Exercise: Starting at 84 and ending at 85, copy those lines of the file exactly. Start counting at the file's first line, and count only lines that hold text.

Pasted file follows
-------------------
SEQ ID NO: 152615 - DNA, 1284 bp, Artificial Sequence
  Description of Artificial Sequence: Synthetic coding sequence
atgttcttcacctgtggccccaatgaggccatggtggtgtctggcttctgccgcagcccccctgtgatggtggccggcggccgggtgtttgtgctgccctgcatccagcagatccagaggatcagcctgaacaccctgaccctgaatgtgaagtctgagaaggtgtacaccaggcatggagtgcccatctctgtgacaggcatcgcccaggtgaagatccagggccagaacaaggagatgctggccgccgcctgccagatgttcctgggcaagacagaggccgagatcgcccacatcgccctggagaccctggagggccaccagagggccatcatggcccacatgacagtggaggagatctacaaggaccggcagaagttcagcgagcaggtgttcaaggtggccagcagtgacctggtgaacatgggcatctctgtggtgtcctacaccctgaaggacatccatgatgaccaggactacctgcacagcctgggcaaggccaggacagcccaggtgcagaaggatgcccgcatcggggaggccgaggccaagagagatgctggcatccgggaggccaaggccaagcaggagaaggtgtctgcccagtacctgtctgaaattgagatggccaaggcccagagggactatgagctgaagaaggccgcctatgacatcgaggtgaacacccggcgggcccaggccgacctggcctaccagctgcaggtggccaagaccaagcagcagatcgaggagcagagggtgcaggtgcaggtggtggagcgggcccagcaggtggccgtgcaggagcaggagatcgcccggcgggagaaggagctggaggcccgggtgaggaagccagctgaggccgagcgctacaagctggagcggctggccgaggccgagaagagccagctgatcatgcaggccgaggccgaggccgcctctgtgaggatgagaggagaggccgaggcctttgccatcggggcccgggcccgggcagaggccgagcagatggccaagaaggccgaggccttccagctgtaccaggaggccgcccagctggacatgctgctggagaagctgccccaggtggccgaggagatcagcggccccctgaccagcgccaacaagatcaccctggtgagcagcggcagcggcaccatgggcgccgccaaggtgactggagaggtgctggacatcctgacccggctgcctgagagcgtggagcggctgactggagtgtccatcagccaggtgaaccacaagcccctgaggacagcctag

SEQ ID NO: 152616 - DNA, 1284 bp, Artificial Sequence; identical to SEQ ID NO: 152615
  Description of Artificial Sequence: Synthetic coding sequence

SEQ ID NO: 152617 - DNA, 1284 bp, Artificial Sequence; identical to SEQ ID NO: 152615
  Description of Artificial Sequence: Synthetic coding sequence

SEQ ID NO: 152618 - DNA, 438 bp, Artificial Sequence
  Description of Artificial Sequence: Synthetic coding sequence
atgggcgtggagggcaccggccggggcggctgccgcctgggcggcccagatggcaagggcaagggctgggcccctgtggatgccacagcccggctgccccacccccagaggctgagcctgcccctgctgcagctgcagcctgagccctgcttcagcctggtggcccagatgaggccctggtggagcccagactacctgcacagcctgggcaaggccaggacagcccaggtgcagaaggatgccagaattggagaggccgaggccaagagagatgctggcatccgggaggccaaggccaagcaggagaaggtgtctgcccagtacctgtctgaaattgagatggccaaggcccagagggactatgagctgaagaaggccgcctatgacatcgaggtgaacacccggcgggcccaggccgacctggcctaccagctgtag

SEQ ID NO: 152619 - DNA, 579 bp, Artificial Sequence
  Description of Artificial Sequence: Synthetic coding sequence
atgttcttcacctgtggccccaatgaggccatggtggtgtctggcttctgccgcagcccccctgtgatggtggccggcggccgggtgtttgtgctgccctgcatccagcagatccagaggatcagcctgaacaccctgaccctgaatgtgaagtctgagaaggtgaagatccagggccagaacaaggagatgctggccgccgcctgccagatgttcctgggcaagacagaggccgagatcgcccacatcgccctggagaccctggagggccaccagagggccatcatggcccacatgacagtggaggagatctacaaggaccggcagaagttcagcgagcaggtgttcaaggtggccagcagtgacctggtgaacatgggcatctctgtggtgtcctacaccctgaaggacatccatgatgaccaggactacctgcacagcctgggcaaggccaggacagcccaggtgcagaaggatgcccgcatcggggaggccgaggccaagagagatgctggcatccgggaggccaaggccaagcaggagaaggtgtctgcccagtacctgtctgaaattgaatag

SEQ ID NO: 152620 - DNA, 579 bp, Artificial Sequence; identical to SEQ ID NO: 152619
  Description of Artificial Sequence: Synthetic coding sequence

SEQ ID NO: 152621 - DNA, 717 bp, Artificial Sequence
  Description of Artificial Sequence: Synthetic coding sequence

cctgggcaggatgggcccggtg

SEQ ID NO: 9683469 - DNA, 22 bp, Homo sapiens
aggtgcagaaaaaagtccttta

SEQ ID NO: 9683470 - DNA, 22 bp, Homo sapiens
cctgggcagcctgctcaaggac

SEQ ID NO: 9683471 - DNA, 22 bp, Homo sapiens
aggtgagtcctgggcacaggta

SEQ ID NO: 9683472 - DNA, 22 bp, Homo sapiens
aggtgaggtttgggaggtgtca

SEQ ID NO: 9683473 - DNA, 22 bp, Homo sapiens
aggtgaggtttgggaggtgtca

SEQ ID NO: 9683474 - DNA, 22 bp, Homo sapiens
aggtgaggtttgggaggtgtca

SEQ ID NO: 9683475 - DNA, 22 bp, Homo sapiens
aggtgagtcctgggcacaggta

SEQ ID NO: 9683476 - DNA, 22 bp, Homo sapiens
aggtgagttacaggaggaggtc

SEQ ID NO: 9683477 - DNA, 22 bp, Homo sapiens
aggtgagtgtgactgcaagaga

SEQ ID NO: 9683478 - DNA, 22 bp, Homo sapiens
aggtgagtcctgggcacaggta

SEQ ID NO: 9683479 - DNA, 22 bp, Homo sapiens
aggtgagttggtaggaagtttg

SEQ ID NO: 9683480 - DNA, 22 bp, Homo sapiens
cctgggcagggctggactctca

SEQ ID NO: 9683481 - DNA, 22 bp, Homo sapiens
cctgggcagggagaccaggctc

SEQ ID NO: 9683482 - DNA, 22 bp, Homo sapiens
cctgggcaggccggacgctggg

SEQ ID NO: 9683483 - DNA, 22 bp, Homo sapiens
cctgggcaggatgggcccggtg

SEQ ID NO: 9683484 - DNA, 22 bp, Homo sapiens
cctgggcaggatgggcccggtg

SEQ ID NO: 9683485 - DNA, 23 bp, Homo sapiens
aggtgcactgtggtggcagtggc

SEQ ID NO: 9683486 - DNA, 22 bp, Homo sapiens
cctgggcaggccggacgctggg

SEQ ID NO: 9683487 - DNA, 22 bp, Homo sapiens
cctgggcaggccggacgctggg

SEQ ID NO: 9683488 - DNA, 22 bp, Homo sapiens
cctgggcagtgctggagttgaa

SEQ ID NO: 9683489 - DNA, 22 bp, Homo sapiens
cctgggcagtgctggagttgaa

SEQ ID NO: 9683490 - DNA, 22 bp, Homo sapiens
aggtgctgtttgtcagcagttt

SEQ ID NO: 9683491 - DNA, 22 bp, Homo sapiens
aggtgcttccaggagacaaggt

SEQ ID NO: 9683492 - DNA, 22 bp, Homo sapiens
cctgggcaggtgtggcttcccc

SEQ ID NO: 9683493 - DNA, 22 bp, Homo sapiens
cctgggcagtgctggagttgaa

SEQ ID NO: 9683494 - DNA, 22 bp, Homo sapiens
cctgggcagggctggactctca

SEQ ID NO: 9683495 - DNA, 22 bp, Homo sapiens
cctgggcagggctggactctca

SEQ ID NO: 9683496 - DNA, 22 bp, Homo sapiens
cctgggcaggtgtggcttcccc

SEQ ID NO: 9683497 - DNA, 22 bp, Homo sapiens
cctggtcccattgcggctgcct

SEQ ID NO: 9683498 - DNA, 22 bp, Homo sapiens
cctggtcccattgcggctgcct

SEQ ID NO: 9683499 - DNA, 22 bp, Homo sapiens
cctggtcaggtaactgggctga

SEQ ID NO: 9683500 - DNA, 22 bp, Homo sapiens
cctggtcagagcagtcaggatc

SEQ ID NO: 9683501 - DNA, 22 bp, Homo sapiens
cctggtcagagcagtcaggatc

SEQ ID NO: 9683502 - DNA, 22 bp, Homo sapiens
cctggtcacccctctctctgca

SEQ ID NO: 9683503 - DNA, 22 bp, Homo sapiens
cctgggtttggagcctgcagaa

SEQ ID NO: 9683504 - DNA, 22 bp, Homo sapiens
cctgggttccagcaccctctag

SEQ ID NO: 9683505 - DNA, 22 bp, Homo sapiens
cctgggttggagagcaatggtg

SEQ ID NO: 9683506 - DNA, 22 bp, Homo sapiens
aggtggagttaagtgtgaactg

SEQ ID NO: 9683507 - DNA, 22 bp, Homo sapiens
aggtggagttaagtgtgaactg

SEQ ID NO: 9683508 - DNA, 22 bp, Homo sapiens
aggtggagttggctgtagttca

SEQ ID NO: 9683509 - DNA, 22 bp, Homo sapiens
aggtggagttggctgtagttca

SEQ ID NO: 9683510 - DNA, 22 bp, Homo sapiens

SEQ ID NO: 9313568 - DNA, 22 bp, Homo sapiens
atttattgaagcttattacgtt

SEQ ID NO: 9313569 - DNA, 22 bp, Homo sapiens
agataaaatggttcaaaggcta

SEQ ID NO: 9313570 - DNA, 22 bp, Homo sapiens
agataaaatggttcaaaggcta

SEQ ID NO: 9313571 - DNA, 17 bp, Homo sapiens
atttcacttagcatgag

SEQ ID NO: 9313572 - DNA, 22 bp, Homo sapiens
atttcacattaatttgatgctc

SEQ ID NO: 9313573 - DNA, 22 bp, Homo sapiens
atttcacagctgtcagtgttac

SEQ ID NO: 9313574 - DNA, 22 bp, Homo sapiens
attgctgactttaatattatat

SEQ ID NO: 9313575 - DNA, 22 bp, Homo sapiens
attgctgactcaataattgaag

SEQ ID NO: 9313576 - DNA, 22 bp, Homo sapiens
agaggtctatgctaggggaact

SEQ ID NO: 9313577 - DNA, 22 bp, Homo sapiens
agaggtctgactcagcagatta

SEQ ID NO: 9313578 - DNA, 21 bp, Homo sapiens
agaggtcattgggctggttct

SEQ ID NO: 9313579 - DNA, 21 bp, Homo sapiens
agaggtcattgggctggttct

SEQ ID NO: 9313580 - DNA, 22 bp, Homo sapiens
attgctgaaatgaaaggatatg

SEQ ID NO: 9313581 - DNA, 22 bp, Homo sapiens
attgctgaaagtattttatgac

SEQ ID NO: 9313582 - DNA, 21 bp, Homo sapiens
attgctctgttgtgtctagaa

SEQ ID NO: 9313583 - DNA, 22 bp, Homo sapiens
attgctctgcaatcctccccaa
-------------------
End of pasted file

cctggtcagagcagtcaggatc

SEQ ID NO: 9683502 - DNA, 22 bp, Homo sapiens